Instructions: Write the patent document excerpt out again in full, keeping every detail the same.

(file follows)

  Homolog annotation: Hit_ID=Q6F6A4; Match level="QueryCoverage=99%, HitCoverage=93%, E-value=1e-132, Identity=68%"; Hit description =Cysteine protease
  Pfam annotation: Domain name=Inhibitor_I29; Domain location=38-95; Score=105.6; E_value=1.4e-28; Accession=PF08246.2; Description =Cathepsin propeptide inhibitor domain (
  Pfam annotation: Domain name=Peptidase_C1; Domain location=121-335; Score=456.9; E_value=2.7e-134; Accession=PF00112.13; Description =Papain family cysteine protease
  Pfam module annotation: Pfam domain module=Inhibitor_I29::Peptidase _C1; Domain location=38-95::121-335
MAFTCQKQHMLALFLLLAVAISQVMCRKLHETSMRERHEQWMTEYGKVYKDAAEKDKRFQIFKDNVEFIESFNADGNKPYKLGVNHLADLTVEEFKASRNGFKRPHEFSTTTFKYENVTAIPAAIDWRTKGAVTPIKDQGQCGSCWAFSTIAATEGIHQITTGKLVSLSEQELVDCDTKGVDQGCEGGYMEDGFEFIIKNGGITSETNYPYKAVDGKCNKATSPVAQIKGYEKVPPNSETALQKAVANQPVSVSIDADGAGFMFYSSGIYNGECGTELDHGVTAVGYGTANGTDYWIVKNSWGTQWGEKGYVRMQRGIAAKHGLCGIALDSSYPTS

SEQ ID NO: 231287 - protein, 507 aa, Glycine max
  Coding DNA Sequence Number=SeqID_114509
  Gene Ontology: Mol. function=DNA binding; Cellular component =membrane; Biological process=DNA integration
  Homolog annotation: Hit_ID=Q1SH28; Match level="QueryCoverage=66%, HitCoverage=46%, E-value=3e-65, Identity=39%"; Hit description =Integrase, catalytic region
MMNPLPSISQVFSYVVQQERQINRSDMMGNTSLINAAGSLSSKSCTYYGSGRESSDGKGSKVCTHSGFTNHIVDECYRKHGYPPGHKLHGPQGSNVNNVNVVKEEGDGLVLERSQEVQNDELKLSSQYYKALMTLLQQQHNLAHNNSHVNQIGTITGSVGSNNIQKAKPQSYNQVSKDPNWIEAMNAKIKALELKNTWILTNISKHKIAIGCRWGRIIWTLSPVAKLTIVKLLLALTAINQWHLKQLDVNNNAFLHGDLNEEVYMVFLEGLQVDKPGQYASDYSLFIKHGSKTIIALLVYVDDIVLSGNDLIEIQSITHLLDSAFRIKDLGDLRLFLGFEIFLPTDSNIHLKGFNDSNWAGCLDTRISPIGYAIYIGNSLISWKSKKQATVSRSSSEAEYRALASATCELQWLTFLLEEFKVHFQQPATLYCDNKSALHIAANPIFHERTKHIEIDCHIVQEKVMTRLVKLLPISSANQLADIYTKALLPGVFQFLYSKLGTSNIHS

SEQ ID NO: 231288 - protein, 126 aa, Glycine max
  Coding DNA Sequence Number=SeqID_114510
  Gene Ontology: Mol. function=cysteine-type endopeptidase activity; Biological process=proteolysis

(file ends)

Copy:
  Homolog annotation: Hit_ID=Q6F6A4; Match level="QueryCoverage=99%, HitCoverage=93%, E-value=1e-132, Identity=68%"; Hit description =Cysteine protease
  Pfam annotation: Domain name=Inhibitor_I29; Domain location=38-95; Score=105.6; E_value=1.4e-28; Accession=PF08246.2; Description =Cathepsin propeptide inhibitor domain (
  Pfam annotation: Domain name=Peptidase_C1; Domain location=121-335; Score=456.9; E_value=2.7e-134; Accession=PF00112.13; Description =Papain family cysteine protease
  Pfam module annotation: Pfam domain module=Inhibitor_I29::Peptidase _C1; Domain location=38-95::121-335
MAFTCQKQHMLALFLLLAVAISQVMCRKLHETSMRERHEQWMTEYGKVYKDAAEKDKRFQIFKDNVEFIESFNADGNKPYKLGVNHLADLTVEEFKASRNGFKRPHEFSTTTFKYENVTAIPAAIDWRTKGAVTPIKDQGQCGSCWAFSTIAATEGIHQITTGKLVSLSEQELVDCDTKGVDQGCEGGYMEDGFEFIIKNGGITSETNYPYKAVDGKCNKATSPVAQIKGYEKVPPNSETALQKAVANQPVSVSIDADGAGFMFYSSGIYNGECGTELDHGVTAVGYGTANGTDYWIVKNSWGTQWGEKGYVRMQRGIAAKHGLCGIALDSSYPTS

SEQ ID NO: 231287 - protein, 507 aa, Glycine max
  Coding DNA Sequence Number=SeqID_114509
  Gene Ontology: Mol. function=DNA binding; Cellular component =membrane; Biological process=DNA integration
  Homolog annotation: Hit_ID=Q1SH28; Match level="QueryCoverage=66%, HitCoverage=46%, E-value=3e-65, Identity=39%"; Hit description =Integrase, catalytic region
MMNPLPSISQVFSYVVQQERQINRSDMMGNTSLINAAGSLSSKSCTYYGSGRESSDGKGSKVCTHSGFTNHIVDECYRKHGYPPGHKLHGPQGSNVNNVNVVKEEGDGLVLERSQEVQNDELKLSSQYYKALMTLLQQQHNLAHNNSHVNQIGTITGSVGSNNIQKAKPQSYNQVSKDPNWIEAMNAKIKALELKNTWILTNISKHKIAIGCRWGRIIWTLSPVAKLTIVKLLLALTAINQWHLKQLDVNNNAFLHGDLNEEVYMVFLEGLQVDKPGQYASDYSLFIKHGSKTIIALLVYVDDIVLSGNDLIEIQSITHLLDSAFRIKDLGDLRLFLGFEIFLPTDSNIHLKGFNDSNWAGCLDTRISPIGYAIYIGNSLISWKSKKQATVSRSSSEAEYRALASATCELQWLTFLLEEFKVHFQQPATLYCDNKSALHIAANPIFHERTKHIEIDCHIVQEKVMTRLVKLLPISSANQLADIYTKALLPGVFQFLYSKLGTSNIHS

SEQ ID NO: 231288 - protein, 126 aa, Glycine max
  Coding DNA Sequence Number=SeqID_114510
  Gene Ontology: Mol. function=cysteine-type endopeptidase activity; Biological process=proteolysis